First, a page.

The Douglas Archives

A collection of historical and genalogical records

William Douglas's Blog – November 2011 Archive (7)

Is a Douglas Fir the only choice?

'Tis the season when many people purchase decorative conifer trees; otherwise they own some ersatz version thereof. No option exists in our household because we are of the most firm opinion that only a natural tree will do.

On an ecological basis cut conifers are grown as a crop and can be fully recycled. So here is your holiday conifer primer. 1.…


Added by William Douglas on November 28, 2011 at 14:30 — No Comments

New research website to find family graves

Cemeteries have long been a resource for genealogists, with Find a Grave as probably the most popular, with 71 million records, and around 2 million searches each day.

However, there is a new kid on the block,

Find a Grave creates a sort of online memorial for deceased persons. Genealogical information can be gleaned from these memorials, but that isn’t…


Added by William Douglas on November 12, 2011 at 17:30 — No Comments

William Douglas, b1610 - a call for research funding

The following has been posted on behalf of Ed Douglas

There is a small group of people who have expressed considerable curiosity about the origins and ancestry of William Douglas, commonly thought to have been born in 1610.  Most of you descend from William and have had the relationship confirmed through yDNA testing.  This “core” group consists of Betsey Howes, Marilynn Darling, Bob Green, Bill Hough, William Douglas (of the Douglas Archives), and me.  Besides this…


Added by William Douglas on November 11, 2011 at 11:00 — No Comments

Killed on last day of the war

Private A. Douglas, of the 1st battalion The Cameronians was a soldier who fought in the 1st World War.

He survived to the last day, but was not to see the peace as he was killed in France just as the war ended, 93 years ago.

On Remembrance Day, let us remember him, and 19 other Douglas comrades who all gave their lives serving in The Cameronians, and the countless others serving on land, at sea and in the air.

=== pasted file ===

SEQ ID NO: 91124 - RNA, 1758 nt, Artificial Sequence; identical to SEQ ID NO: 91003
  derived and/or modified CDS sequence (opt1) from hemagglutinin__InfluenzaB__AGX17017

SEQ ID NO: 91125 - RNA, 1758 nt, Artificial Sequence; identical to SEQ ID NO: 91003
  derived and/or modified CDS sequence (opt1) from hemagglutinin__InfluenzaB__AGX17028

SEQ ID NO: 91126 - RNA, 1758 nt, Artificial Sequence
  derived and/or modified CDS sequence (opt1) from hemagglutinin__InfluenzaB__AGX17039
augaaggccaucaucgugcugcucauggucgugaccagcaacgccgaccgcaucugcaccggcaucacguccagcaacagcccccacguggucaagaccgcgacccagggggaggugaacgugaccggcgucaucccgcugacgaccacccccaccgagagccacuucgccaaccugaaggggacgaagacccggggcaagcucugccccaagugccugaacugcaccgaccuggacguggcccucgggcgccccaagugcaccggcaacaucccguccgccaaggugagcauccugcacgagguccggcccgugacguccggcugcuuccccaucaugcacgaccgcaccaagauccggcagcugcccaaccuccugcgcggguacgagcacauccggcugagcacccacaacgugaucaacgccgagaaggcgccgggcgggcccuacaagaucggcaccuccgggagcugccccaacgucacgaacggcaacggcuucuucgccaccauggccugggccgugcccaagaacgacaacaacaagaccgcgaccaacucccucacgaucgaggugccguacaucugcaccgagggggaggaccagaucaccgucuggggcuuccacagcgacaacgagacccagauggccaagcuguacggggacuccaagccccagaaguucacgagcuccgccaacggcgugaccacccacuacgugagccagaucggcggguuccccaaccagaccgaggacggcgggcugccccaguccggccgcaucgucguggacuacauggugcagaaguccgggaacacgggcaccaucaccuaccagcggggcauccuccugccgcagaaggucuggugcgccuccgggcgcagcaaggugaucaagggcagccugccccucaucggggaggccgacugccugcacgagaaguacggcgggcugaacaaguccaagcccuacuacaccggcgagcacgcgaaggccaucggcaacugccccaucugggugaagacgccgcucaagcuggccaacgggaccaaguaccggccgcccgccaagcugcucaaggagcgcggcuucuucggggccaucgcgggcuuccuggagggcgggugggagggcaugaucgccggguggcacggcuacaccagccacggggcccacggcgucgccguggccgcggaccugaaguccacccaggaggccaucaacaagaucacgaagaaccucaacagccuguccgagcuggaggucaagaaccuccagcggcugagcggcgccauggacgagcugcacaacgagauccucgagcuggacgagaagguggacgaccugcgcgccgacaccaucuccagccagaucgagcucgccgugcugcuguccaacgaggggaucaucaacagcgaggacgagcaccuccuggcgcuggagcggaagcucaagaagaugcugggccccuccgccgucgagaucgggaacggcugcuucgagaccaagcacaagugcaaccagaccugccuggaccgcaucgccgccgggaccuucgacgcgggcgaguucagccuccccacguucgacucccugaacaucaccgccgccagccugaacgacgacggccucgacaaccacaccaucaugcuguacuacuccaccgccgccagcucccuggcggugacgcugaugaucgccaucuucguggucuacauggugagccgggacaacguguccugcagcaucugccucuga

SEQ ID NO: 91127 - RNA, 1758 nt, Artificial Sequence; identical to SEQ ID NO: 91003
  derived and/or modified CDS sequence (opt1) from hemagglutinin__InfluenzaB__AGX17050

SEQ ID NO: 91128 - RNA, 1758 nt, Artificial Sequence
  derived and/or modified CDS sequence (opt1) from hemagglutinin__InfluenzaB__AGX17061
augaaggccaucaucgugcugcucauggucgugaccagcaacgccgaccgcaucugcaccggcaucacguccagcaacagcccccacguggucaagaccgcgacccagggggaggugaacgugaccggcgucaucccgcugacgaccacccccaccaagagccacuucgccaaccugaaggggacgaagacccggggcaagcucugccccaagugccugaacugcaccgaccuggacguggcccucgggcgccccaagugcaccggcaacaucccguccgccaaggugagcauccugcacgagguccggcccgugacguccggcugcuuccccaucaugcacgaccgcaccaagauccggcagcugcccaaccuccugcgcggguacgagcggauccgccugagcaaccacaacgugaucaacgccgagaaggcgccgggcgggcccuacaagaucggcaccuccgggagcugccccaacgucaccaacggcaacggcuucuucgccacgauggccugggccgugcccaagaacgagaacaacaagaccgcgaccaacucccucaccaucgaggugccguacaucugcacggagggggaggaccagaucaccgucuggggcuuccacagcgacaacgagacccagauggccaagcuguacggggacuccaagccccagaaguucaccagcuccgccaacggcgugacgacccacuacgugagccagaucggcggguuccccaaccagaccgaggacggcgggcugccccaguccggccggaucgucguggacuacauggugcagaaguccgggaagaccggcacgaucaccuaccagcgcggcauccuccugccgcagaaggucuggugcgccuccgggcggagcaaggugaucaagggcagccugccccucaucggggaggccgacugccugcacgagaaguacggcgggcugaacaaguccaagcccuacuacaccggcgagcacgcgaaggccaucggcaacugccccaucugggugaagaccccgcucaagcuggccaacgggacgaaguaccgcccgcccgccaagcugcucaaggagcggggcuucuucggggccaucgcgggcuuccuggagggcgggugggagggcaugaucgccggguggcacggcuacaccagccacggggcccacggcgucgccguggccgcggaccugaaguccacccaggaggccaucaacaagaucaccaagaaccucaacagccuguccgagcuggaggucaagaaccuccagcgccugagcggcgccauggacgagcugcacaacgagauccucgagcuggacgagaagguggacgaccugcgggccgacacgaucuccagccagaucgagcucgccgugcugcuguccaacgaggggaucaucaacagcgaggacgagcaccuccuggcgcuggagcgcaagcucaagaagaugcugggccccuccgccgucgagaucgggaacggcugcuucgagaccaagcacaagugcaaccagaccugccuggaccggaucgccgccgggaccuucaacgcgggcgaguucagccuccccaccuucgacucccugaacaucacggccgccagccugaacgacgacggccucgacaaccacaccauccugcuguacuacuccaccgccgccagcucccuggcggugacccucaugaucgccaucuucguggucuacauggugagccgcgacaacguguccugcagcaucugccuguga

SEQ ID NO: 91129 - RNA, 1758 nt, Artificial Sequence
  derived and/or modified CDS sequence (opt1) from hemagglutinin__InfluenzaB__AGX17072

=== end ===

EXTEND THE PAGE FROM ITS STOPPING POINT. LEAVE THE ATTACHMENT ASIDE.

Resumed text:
I have today added the …


Added by William Douglas on November 9, 2011 at 20:08 — No Comments

Douglas of Cavers

I have received an email discussing the Cavers lineage in connect to Violet, daughter of Thomas Douglas of Cavers.

But the question is how does this Thomas fit into the lineage, and who were his successors?


This how I record the Cavers lineage:

Archibald Douglas 13th Laird of Cavers came from an ancient Roxburghshire family with a strong Covenanting tradition. His father William Douglas 11th of…

Added by William Douglas on November 5, 2011 at 17:30 — No Comments

40 Douglases listed among Glasgow's 1st World War Roll of Honour

200,000 men from Glasgow enlisted into the army or navy during the 1st World War.

Almost 18,000 never returned; they lost their lives on land, sea or in a few cases, in the air. Of these, 401 served in the Canadian forces.181 in the Australian and 44 in New Zealand's forces. Two even served in the Egyptian Camel Corps. Amongst them are almost 40 members of the Douglas family.

The Roll of Honour was first collated in 1922. It has now been made available online. …


Added by William Douglas on November 4, 2011 at 22:52 — No Comments

Archibald Sholto Gordon Douglas

From the Times & Telegraph 2 November 2011: 


Archibald Sholto Gordon, died on 29th October 2011, aged 74. Beloved brother of Ian, Veronica and Rosemary, cherished by all his family and his multitude of friends. Private cremation. All welcome at a Service of Thanksgiving for his life at 2pm on Thursday, 17th November at St Luke’s Church, Sydney Street, London SW3 6NH. Donations if desired to the Friends of Chelsea and Westminster Hospital, Charity No 1016883, 369 Fulham…


Added by William Douglas on November 4, 2011 at 16:53 — No Comments

Monthly Archives

















Making conections

The more information you can give about the people you mention, the more chance there is of someone else connecting with your family.

Dates and places of births, deaths and marriages all help to place families.

Professions also help.

'My great-grandmother mother was a Douglas from Montrose' does not give many clues to follow up! But a bit of flesh on the bones makes further research possible. But if we are told who she married, what his profession was and where the children were baptised, then we can get to work.

Maybe it is time to update the information in your profile?

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